Sendai and environs will require temporary architecture to house those displaced by the March 11 tsunami. There’s need for both immediate relief shelters and longer-term temporary housing. One of the world’s most famous architects of disaster relief structures is himself Japanese: Shigeru Ban has worked extensively with the United Nations on varities of relief architecture, and is an expert on the use of paper for such structures (see this previous post). He is already involved in a tsunami relief project, below, and you can view more photos and find out how to donate to it at Spoon & Tamago. It’s a low-cost, easy-to-assemble system intended to provide comfort and privacy within refugee centres and is well worth supporting. Above is a second Japanese project being considered for tsunami-hit areas. Here it’s a hotel, but there’s talk of adapting it for Sendai. The units are made, as you can probably tell, from old [or not, see comments below] shipping containers. It’s designed by Yasutaka Yoshimura Architects (via Inhabitat). There’s been a fair amount of criticism of shipping containers as sustainable re-use, given the difficult of both cooling and heating them. It’ll be interesting to see if these problems can be mitigated. The white finish on these may well be more than aesthetic—it no doubt eases heat in summer.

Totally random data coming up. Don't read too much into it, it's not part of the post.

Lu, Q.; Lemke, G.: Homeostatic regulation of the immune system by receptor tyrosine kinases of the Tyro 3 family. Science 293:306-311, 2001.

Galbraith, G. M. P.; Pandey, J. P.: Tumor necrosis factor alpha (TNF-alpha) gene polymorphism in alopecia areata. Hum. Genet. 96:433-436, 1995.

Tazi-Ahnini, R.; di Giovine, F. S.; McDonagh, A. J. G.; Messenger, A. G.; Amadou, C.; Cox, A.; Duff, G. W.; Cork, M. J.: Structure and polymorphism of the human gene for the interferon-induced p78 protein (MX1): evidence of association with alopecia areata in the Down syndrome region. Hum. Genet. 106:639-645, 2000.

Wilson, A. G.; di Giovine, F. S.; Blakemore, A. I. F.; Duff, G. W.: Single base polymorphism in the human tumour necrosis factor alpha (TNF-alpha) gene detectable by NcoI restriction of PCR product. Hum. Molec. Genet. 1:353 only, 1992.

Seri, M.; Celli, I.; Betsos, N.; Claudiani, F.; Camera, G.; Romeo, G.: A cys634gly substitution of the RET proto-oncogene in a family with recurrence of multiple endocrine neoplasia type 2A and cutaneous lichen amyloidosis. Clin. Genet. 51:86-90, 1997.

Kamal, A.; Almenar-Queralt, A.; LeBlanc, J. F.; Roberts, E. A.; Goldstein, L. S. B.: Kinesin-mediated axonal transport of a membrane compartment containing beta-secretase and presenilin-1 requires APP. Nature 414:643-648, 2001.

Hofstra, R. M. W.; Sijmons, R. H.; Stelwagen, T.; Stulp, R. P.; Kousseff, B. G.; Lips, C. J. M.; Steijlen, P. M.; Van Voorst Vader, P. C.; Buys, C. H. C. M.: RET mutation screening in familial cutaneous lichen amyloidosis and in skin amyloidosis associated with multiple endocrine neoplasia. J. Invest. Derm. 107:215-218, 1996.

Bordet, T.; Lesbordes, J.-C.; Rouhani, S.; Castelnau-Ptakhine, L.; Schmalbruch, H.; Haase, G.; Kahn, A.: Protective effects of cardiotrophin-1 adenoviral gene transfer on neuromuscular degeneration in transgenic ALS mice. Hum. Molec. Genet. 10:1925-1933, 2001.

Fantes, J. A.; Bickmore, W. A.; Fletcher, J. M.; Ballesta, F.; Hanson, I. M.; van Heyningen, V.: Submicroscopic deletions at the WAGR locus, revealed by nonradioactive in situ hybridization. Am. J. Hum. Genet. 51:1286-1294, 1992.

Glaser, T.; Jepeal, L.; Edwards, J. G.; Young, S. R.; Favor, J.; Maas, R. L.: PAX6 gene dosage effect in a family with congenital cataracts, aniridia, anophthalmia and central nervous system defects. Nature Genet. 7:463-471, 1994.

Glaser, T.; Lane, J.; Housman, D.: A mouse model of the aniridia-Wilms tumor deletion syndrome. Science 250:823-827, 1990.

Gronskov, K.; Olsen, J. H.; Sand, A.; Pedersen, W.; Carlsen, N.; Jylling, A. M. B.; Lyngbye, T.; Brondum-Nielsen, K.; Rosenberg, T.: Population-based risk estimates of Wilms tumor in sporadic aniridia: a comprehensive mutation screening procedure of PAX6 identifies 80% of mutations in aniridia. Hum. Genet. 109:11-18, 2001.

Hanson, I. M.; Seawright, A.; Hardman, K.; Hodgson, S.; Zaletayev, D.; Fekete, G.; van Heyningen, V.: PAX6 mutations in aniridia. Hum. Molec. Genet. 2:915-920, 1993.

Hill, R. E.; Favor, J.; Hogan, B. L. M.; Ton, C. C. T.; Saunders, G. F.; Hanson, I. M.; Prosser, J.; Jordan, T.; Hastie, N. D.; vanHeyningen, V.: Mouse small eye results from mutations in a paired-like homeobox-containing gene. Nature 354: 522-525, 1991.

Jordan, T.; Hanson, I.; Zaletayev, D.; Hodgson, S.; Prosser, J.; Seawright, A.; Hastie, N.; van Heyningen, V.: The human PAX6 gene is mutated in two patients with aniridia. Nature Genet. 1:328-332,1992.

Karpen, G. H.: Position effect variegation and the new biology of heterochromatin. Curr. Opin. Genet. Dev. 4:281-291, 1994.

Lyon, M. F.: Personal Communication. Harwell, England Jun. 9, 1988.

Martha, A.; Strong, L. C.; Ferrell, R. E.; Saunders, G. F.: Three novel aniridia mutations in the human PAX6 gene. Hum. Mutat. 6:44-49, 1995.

Little rebuilding has yet begun in Japan. As rebuilding starts, both Japanese and foreign, I would like to follow it. Architecture for Humanity is fundraising for the rebuilding effort—they are the last responders and generally wait until permanent rebuilding can begin. Artist Kyohei Sakaguchi (who’s currently showing work in Vancouver) has been advocating for a different type of community planning around radically shared amenities and low-energy appliances run on solar power. His plan contains an implicit critique of Japan’s dependence on nuclear energy. It’s a radical plan but it will be interesting to see if the opportunity for new urban planning and building directions will be taken up in Sendai and other hard-hit areas.
PS It’s always a relief to see disaster and relief shelters not plastered with the logos of sponsors or agencies. It always seems like an insult to the displaced—they become a sort of product belong to agencies attempting to capitalize on crisis and its PR opportunities. This point was also recently made in the controversial Renzo Martens art film Enjoy Poverty (title is intended as ironic). See Martens interviewed here if you’re interested. Unfortunately these YouTube clips don’t include the section on disaster architecture.